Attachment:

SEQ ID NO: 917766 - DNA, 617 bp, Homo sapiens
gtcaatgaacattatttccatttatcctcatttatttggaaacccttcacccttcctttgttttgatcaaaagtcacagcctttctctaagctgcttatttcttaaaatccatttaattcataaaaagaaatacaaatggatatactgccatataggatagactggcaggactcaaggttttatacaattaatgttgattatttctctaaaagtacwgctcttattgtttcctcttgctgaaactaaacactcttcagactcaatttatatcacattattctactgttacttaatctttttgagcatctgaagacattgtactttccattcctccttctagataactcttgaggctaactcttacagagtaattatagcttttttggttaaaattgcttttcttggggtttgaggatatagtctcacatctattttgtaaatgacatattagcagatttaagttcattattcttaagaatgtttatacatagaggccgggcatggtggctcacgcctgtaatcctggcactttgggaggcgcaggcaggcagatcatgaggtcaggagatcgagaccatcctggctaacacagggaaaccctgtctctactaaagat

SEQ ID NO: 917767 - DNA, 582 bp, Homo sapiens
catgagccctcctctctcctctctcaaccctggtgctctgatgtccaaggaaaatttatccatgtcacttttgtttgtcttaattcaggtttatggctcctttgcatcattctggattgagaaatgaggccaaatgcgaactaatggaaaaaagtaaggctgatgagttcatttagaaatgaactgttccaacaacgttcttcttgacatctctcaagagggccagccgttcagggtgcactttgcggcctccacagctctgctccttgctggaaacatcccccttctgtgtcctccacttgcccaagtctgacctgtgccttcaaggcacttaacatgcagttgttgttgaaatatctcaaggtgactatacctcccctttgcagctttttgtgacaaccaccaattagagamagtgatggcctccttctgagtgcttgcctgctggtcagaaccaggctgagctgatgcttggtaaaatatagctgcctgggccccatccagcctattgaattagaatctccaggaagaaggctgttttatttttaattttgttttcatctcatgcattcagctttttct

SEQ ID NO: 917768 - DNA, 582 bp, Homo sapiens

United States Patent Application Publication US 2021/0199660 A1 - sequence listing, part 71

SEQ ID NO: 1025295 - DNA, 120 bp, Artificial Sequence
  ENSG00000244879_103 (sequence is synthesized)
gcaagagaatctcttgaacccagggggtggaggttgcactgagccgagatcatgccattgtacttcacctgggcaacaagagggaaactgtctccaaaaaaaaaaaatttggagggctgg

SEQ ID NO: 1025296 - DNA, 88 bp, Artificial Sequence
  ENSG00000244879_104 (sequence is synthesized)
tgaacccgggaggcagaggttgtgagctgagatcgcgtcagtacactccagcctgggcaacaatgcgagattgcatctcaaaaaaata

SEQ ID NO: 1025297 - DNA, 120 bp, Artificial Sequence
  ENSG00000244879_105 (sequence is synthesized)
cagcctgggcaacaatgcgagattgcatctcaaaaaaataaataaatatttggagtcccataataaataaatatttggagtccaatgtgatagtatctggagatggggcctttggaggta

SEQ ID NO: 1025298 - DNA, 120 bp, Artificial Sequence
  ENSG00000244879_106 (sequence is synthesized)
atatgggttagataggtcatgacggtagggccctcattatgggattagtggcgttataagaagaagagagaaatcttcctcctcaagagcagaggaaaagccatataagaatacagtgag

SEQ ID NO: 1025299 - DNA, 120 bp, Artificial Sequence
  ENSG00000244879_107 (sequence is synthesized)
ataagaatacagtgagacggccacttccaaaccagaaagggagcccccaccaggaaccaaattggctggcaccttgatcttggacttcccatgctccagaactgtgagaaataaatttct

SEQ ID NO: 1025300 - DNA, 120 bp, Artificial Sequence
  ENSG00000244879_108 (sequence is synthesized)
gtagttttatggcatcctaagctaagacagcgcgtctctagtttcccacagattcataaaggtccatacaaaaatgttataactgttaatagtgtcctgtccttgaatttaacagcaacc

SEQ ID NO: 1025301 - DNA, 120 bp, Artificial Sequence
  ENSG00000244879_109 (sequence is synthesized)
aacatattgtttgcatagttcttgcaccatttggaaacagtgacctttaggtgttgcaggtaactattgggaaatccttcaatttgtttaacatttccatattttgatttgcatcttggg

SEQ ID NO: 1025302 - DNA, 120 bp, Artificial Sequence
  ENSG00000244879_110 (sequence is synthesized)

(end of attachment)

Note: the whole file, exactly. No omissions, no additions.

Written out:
SEQ ID NO: 917766 - DNA, 617 bp, Homo sapiens
gtcaatgaacattatttccatttatcctcatttatttggaaacccttcacccttcctttgttttgatcaaaagtcacagcctttctctaagctgcttatttcttaaaatccatttaattcataaaaagaaatacaaatggatatactgccatataggatagactggcaggactcaaggttttatacaattaatgttgattatttctctaaaagtacwgctcttattgtttcctcttgctgaaactaaacactcttcagactcaatttatatcacattattctactgttacttaatctttttgagcatctgaagacattgtactttccattcctccttctagataactcttgaggctaactcttacagagtaattatagcttttttggttaaaattgcttttcttggggtttgaggatatagtctcacatctattttgtaaatgacatattagcagatttaagttcattattcttaagaatgtttatacatagaggccgggcatggtggctcacgcctgtaatcctggcactttgggaggcgcaggcaggcagatcatgaggtcaggagatcgagaccatcctggctaacacagggaaaccctgtctctactaaagat

SEQ ID NO: 917767 - DNA, 582 bp, Homo sapiens
catgagccctcctctctcctctctcaaccctggtgctctgatgtccaaggaaaatttatccatgtcacttttgtttgtcttaattcaggtttatggctcctttgcatcattctggattgagaaatgaggccaaatgcgaactaatggaaaaaagtaaggctgatgagttcatttagaaatgaactgttccaacaacgttcttcttgacatctctcaagagggccagccgttcagggtgcactttgcggcctccacagctctgctccttgctggaaacatcccccttctgtgtcctccacttgcccaagtctgacctgtgccttcaaggcacttaacatgcagttgttgttgaaatatctcaaggtgactatacctcccctttgcagctttttgtgacaaccaccaattagagamagtgatggcctccttctgagtgcttgcctgctggtcagaaccaggctgagctgatgcttggtaaaatatagctgcctgggccccatccagcctattgaattagaatctccaggaagaaggctgttttatttttaattttgttttcatctcatgcattcagctttttct

SEQ ID NO: 917768 - DNA, 582 bp, Homo sapiens

United States Patent Application Publication US 2021/0199660 A1 - sequence listing, part 71

SEQ ID NO: 1025295 - DNA, 120 bp, Artificial Sequence
  ENSG00000244879_103 (sequence is synthesized)
gcaagagaatctcttgaacccagggggtggaggttgcactgagccgagatcatgccattgtacttcacctgggcaacaagagggaaactgtctccaaaaaaaaaaaatttggagggctgg

SEQ ID NO: 1025296 - DNA, 88 bp, Artificial Sequence
  ENSG00000244879_104 (sequence is synthesized)
tgaacccgggaggcagaggttgtgagctgagatcgcgtcagtacactccagcctgggcaacaatgcgagattgcatctcaaaaaaata

SEQ ID NO: 1025297 - DNA, 120 bp, Artificial Sequence
  ENSG00000244879_105 (sequence is synthesized)
cagcctgggcaacaatgcgagattgcatctcaaaaaaataaataaatatttggagtcccataataaataaatatttggagtccaatgtgatagtatctggagatggggcctttggaggta

SEQ ID NO: 1025298 - DNA, 120 bp, Artificial Sequence
  ENSG00000244879_106 (sequence is synthesized)
atatgggttagataggtcatgacggtagggccctcattatgggattagtggcgttataagaagaagagagaaatcttcctcctcaagagcagaggaaaagccatataagaatacagtgag

SEQ ID NO: 1025299 - DNA, 120 bp, Artificial Sequence
  ENSG00000244879_107 (sequence is synthesized)
ataagaatacagtgagacggccacttccaaaccagaaagggagcccccaccaggaaccaaattggctggcaccttgatcttggacttcccatgctccagaactgtgagaaataaatttct

SEQ ID NO: 1025300 - DNA, 120 bp, Artificial Sequence
  ENSG00000244879_108 (sequence is synthesized)
gtagttttatggcatcctaagctaagacagcgcgtctctagtttcccacagattcataaaggtccatacaaaaatgttataactgttaatagtgtcctgtccttgaatttaacagcaacc

SEQ ID NO: 1025301 - DNA, 120 bp, Artificial Sequence
  ENSG00000244879_109 (sequence is synthesized)
aacatattgtttgcatagttcttgcaccatttggaaacagtgacctttaggtgttgcaggtaactattgggaaatccttcaatttgtttaacatttccatattttgatttgcatcttggg

SEQ ID NO: 1025302 - DNA, 120 bp, Artificial Sequence
  ENSG00000244879_110 (sequence is synthesized)